Best Fly Fishing Vests Review & Buyer Guide

Best Fly Fishing Vests Reviews

In our opinion, vests are one of the more overlooked pieces of equipment when it comes to fly fishing. While it’s still up to you to know about he species you’re fishing, the local conditions, rod/reel/fly selections, etc, having a best fly fishing vests can maximize the amount of time you spend casting, allowing you to get the most out of your day.

Fly fishing vests are essentially more convenient tackle boxes. Most fly fishing vests are quite robust and include lots of pockets, allowing you to have spare equipment, a range of flies, and other tools that may come in handy while you’re casting. You may not always need one, but they are the sort of thing that once you start using it, it’s tough to head out without one.

While the equipment storage is a huge benefit, this will also add weight to your body and potentially undesirable layers, which can be a particular problem if you’re fishing in a hot and humid environment. With the advancement in sporting apparel, especially in the fishing world, companies have now begun addressing this appropriately, and there is a huge range of fishing vests you can choose from all varying in quality, comfort, design, and function.

In this article we will provide our top picks for the best fly fishing vests on the market. Provided your own personal preferences may differ drastically from someone else, we will attempt to highlight vests from a range of price points. This can help with understanding subtle differences in features, but the main purpose of this to allow you to feel confident about your final selection, whatever it ends up being.

  • Basic
  • Mid-Range
  • High-End
  • Pro

Redington Clark Fork Mesh Fly Fishing Vest

youth fly fishing vest


  • Great value
  • Quick-dry fabric
  • Moisture wicking
  • 11 pockets


  • Velcro isn’t very durable
  • Zippers can be difficult to use, especially with one hand.

General Consensus

This is your intro level fly fishing vest that gets the job done. While it can be considered an introductory vest, anglers of all experience can benefit wear this. Nothing fancy, but has all of the primary necessities.

With 11 pockets, there is certainly ample storage. The pockets aren’t overly deep though, so if you’re keen on taking larger items like jars of Powerbait with you, then you may need to look for a vest with deeper pockets. Otherwise, for flies, lures, and items just slightly bigger, then this does the trick.

The main complaint about this vest are inconsistencies in the quality of the velcro and zippers on the front pockets. Not everyone has this issue, but the zippers in particular can be a little tricky to work with one hand.

Overall, this Redington fly fishing vest offers superb value. For the price, you can’t really find much better than this. The mesh and quick-dry fabric (65% polyester, 35% cotton) allows for good ventilation and doesn’t bog you down too much. Lots of pockets, and even with some subtle zipper issues, it’s still a great vest. We would recommend the Redington Clark Fork Mesh fly fishing vest for any angler looking to optimize storage of equipment while keeping costs as low as possible.

Prestige Alpine Fly Fishing Vest

ll bean fly fishing vest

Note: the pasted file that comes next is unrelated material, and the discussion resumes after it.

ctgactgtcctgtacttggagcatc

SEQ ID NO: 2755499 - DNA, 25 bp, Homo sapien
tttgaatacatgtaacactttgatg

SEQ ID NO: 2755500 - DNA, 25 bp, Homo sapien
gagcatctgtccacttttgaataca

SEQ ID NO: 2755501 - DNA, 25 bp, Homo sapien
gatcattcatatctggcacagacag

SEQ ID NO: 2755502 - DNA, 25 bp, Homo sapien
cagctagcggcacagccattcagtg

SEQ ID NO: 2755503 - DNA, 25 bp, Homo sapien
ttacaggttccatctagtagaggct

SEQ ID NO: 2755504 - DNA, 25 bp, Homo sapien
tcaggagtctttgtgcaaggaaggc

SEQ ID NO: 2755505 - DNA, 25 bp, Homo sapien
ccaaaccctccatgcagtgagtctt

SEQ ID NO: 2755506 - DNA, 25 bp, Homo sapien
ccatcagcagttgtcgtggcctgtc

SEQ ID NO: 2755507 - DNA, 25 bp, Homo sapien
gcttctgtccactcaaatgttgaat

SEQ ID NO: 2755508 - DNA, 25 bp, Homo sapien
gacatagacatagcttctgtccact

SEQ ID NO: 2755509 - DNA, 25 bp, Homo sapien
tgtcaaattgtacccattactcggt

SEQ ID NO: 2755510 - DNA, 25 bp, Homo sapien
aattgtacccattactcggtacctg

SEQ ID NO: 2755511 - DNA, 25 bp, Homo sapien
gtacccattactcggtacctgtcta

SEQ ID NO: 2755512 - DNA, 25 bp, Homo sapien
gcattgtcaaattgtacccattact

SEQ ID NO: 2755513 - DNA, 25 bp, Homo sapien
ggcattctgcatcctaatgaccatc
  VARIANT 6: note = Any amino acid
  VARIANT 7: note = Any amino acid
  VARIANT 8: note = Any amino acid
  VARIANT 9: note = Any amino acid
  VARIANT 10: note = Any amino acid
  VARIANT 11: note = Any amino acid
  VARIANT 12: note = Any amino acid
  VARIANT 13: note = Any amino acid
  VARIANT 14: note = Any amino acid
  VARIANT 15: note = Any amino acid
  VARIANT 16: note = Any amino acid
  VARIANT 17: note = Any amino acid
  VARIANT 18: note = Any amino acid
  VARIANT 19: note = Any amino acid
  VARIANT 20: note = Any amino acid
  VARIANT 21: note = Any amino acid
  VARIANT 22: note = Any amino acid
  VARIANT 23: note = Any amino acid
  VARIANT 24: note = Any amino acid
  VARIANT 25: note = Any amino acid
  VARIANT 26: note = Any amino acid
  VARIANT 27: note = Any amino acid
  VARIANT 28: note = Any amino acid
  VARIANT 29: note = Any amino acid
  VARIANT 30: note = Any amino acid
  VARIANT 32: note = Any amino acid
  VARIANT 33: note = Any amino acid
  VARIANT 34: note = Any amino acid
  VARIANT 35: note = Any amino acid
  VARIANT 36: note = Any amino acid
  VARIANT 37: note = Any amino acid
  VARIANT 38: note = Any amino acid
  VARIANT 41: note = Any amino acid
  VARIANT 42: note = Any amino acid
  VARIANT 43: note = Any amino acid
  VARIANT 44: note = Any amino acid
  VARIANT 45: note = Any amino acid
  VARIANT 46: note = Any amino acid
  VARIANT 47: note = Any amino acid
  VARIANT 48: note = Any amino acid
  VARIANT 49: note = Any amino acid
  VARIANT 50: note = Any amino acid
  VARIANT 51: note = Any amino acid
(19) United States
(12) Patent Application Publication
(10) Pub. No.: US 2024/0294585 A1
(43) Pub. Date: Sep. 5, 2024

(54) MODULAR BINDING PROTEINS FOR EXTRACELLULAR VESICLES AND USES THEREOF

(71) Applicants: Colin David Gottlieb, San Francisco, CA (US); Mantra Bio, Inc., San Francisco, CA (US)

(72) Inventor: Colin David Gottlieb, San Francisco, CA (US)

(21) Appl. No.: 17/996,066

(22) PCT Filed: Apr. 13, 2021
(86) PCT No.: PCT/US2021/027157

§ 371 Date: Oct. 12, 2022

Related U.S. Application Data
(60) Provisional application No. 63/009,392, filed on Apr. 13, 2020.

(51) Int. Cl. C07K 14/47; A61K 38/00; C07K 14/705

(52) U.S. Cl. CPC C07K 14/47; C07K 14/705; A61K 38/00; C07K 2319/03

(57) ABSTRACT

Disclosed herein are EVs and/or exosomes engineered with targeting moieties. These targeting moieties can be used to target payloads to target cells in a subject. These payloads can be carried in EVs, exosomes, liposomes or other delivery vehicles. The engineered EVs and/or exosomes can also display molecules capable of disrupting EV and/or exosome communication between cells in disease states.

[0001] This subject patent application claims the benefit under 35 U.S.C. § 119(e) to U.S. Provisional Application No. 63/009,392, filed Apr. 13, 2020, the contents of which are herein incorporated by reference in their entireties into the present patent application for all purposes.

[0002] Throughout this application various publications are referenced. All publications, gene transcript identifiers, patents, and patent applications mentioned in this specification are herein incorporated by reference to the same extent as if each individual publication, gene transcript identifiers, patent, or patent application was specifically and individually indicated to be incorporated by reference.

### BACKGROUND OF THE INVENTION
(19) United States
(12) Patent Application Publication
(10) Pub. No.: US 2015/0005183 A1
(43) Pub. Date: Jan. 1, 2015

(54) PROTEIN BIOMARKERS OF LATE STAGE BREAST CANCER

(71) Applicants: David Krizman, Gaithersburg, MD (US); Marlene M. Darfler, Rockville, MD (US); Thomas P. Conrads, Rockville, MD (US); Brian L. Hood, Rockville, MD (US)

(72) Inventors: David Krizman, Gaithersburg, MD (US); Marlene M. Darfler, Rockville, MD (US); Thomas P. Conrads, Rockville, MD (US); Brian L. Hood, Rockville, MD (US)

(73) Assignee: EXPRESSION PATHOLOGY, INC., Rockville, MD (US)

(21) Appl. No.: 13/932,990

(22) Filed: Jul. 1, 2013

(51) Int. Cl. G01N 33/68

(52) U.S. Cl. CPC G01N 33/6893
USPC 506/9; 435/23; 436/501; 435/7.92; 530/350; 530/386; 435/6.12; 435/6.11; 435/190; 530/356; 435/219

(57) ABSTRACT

• Relatively low price
  • 27 pockets
  • 2 zip-close reel pockets on back
  • Front pliers pocket, rod holder, removable patch, and D-ring secure nets.
  • Soft neoprene collar


  • Sizes run just slightly small
  • Could have better ventilation

General Consensus

This is an awesome fly fishing vest that offers solid value. This has lots of extra features, and for a small step up in price, it’s definitely worth considering. For example, not only does it have 27 pockets, but some of the pockets are designed for specific tools, enhancing comfort and convenience.

The outer material is a blend of 60% cotton/40% polyester, and the lining is 100% polyester. It’s not too bad for ventilation, but it could definitely be better, especially if you plan to spend a lot of time under the sun or in a humid environment. If keeping warm is a little more important to you, then this could actually be considered an advantage.

Some of the pockets are quite substantial on this vest, so you could even pack something like a thin raincoat. Regardless, there is plenty of room for storage with a variety of compartment sizes, allowing you to bring an ample supply of fly boxes, thermometers, and other tools. One of the underrated aspects is the rod holder, which allows you to dress flies or fiddle with your line or other things without worrying about your rod.

Overall, we would recommend the Prestige Alpine fly fishing vest to any angler, but especially those who are placing an emphasis on storage. The value is definitely there, as it comes in on the cheaper end of fly fishing vests, while still offering excellent quality and function. If you’re placing a heavy emphasis on ventilation and staying cool, you may want to look around a little more, but overall, it’s tough to go wrong with this vest.

Maxcatch Fly Fishing Vest

inflatable fishing vest fly fishing


  • Adjustable size
  • 2 different designs available
  • Lightweight
  • Shell pockets with fly patches


  • Moderate price
  • For the price, a little disappointed they didn’t include any 100% waterproof pockets.

General Consensus

Now we’re starting to get a little more fancy. The Maxcatch fly fishing vest is great, but it comes at a slightly higher price (almost twice as much as the Redington vest we reviewed). However, the quality is certainly there, and there are two styles you can choose from to help optimize for your requirements.

The two different styles are called “V-mesh vest” and “V-pop backpack”. The latter is about $10 more expensive, which makes sense since there is more material involved. The V-mesh vest is the one in the above picture, and it has all the necessities including a rod holder and a hook on the back for a net, as well as a mesh back that helps keep you cool.

On the other hand, if you want to maximize storage and don’t need to fully maximize ventilation on your back, you can also opt for the slightly more expensive V-pop backpack. Instead of a simple mesh back, this vest includes an expandable 3-comportment backpack. The adjustable straps and waist belt help you optimize the fit for comfort, while it’s lightweight material doesn’t add too much in addition to the front pockets.

Overall, we would recommend the Maxcatch fly fishing vest for those looking for something with more storage on the back (if you get the V-pop backpack style), those looking for a highly adjustable fit, or those curious about trying a higher-end fly fishing vest. The moderate price range means it’s not the best for those on strict budgets, but if you’re looking to branch out a little bit and are expecting something slightly more expensive, then this could be a great starting point.